Little grebe phenology - Lisagriffin.
Little grebe nocturnal flight thrill with seven distinct pips preceding the whimbrel-like thrill. Recorded at 1:03am on 17th July, over Lissagriffin. Audio directly below.
Little grebe nocturnal wail, recorded at 3:11am on the 25th August, over Lissagriffin. Audio below.

Mallard (Anas platyrhynchos)

Mallard. Photo: Seán Ronayne.

Mallard was recorded at Lissagriffin on 48 dates between July 4th and November 6th with a total of 2,848 calls logged in this period. Mallard calls were rare before August, with a burst of activity until mid-September, before seeing another greater surge in early October through to the end of the study. 

Generally speaking, numbers increased steadily over the period with 1 call logged on 4th July, 30 on 24th July, 82 on 13th September, 203 on 9th October, with a peak of 242 on 3rd November. All of this points to either a lack of breeding or breeding in low numbers at Lissagriffin, followed by a steady arrival of migrants from mid- August onwards, with a steady overwintering population.

Mallard phenolgy - Lissagriffin.
Female mallard (the stereotypical duck quack) nocturnal flight call - Lissagriffin, July 4th. Audio directly below.
Male mallard nocturnal flight calls and wing beats - Lissagriffin, October 12th . Note this call is a very different sound to that of the female, and presents itsef as a slower, raspier version of that call.

Moorhen (Gallinula chloropus)

Moorhen. Photo: Wildlife Terry.

Moorhen was a surprisingly rare species at Lissagriffin with just three records in total: 29th July at 11:50pm, 1st August at 1:27am and 5th October at 1:08am. These records likely relate to birds dispersing or migrating.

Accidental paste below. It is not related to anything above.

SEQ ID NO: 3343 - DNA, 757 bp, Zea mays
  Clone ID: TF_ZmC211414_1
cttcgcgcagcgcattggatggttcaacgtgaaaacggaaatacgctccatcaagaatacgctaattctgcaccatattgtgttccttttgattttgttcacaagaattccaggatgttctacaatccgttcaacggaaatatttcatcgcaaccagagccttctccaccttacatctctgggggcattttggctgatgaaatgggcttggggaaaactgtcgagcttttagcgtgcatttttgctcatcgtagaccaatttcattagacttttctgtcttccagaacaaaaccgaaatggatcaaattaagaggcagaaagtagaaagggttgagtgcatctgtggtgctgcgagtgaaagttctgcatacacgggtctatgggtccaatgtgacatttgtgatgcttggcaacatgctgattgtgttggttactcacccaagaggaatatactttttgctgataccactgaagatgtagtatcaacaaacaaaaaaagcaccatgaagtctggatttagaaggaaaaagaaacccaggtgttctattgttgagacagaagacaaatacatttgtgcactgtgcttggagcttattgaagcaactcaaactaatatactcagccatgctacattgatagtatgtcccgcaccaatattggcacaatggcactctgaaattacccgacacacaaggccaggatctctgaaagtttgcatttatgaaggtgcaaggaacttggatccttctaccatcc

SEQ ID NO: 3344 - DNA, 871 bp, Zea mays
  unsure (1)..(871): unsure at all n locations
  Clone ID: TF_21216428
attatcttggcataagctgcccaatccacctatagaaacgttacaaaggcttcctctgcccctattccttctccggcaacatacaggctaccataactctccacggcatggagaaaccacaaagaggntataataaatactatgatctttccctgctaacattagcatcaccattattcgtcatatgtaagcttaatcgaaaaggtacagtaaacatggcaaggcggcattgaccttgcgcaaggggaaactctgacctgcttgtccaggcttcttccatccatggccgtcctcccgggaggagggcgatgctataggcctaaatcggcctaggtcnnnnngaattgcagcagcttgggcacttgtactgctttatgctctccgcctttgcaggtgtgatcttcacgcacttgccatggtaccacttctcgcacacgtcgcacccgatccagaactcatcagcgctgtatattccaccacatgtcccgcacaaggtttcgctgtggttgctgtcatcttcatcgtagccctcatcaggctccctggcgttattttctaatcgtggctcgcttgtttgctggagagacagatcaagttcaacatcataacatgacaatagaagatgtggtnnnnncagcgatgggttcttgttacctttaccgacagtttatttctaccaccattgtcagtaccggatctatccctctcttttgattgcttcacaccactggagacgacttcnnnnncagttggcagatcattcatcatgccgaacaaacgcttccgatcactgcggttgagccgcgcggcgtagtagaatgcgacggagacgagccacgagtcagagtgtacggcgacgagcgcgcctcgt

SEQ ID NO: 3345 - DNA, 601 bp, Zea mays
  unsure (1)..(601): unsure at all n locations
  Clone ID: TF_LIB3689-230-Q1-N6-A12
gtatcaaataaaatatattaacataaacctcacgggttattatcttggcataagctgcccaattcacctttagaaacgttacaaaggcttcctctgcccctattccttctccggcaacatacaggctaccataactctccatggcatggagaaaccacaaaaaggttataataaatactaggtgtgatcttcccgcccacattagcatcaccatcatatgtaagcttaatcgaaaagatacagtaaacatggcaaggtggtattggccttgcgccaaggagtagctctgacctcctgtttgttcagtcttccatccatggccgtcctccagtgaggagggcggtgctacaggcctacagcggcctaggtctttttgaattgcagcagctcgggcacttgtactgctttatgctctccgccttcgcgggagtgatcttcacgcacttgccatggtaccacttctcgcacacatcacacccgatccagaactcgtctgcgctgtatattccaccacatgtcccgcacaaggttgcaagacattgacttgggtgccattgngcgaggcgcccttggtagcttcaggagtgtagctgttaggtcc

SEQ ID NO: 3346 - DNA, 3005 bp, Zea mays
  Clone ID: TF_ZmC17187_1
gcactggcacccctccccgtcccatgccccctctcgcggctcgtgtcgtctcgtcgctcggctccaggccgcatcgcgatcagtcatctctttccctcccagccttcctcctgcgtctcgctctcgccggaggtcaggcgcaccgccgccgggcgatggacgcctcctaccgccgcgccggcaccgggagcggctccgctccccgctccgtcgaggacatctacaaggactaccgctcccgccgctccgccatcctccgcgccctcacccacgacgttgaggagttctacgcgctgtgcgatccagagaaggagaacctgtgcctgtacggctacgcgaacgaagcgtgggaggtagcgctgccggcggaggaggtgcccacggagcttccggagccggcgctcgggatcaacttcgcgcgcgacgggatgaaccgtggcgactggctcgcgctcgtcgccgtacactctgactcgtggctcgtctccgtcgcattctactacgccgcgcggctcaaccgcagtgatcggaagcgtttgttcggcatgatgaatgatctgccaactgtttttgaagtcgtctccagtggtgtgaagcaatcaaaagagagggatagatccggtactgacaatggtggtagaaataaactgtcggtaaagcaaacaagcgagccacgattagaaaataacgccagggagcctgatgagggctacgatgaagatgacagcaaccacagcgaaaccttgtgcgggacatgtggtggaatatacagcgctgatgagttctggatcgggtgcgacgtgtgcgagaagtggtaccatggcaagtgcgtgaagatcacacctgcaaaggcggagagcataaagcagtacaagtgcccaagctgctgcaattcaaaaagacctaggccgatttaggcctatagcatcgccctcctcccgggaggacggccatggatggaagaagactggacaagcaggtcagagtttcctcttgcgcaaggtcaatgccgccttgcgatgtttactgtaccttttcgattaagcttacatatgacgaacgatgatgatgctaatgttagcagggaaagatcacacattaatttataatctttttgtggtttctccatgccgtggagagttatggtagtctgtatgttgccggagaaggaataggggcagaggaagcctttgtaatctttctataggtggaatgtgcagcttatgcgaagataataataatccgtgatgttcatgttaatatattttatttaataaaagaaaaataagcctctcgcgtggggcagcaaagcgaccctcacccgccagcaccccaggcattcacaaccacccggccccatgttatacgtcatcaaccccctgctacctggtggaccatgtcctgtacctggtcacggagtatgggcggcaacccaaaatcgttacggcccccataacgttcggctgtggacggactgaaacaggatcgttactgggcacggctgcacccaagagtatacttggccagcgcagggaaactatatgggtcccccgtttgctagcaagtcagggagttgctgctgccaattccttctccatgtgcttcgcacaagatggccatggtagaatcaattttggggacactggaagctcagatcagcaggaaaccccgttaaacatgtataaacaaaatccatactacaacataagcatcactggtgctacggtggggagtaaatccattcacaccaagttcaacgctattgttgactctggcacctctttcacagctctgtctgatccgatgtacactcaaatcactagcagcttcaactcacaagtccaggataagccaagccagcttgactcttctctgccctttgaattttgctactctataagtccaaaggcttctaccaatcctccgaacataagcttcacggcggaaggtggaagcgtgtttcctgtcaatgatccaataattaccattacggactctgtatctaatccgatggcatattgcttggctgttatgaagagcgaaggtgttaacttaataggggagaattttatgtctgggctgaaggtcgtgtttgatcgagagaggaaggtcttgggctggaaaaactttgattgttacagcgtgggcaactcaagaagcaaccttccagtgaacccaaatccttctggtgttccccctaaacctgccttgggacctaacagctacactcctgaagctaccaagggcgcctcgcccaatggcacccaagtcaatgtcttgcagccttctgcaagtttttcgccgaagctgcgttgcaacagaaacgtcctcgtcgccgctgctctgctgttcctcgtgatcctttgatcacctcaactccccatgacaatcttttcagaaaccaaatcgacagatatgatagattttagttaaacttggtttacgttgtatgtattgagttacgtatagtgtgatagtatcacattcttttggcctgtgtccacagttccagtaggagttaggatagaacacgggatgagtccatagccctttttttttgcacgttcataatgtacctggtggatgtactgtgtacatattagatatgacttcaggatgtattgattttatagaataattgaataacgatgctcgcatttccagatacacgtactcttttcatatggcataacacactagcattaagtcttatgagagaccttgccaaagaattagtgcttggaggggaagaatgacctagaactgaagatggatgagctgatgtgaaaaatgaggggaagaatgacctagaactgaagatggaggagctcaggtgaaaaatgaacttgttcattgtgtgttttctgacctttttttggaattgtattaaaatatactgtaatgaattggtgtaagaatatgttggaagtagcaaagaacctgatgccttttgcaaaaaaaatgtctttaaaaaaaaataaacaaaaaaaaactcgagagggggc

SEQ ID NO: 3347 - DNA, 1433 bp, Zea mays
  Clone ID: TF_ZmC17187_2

Typical clucking nocturnal flight call of a moorhen migrating over Lissagriffin at 1:08am on 8th October. Audio below.

Pectoral Sandpiper (Calidris melanotos)

Pectoral Sandpiper. Photo: Aaron Maizlish.

This rare North American vagrant was recoded on 6 dates between October 3rd and October 20th, with a total of 70 calls logged during this period. These records probably relate to a bird found at Lissagriffin by Mark Shorten on 4th October, last reported on 14th October.

Below is a recording of the Lissagriffin pectoral sandpiper recorded on the 4th October. Listen for the rippling “prrt”. The next audio is an additional but much closer example, recorded earlier in the year at Tacumshin, Co. Wexford.

Flight calls from a close-passing pecoral sandpiper - September 16th, Tacumshin, Co. Wexford

Pink-footed Goose (Anser brachyrhynchus)

Pink-footed goose at Lissagriffin - October 2021. Photo: Brian McCloskey.

Pink-footed goose is a rare but annual occurrence in Co. Cork in very small numbers – usually in ones or twos. This species was recorded at Lissagriffin on the 6th October and again on the 20th and 21st October, with a total of 34 calls logged.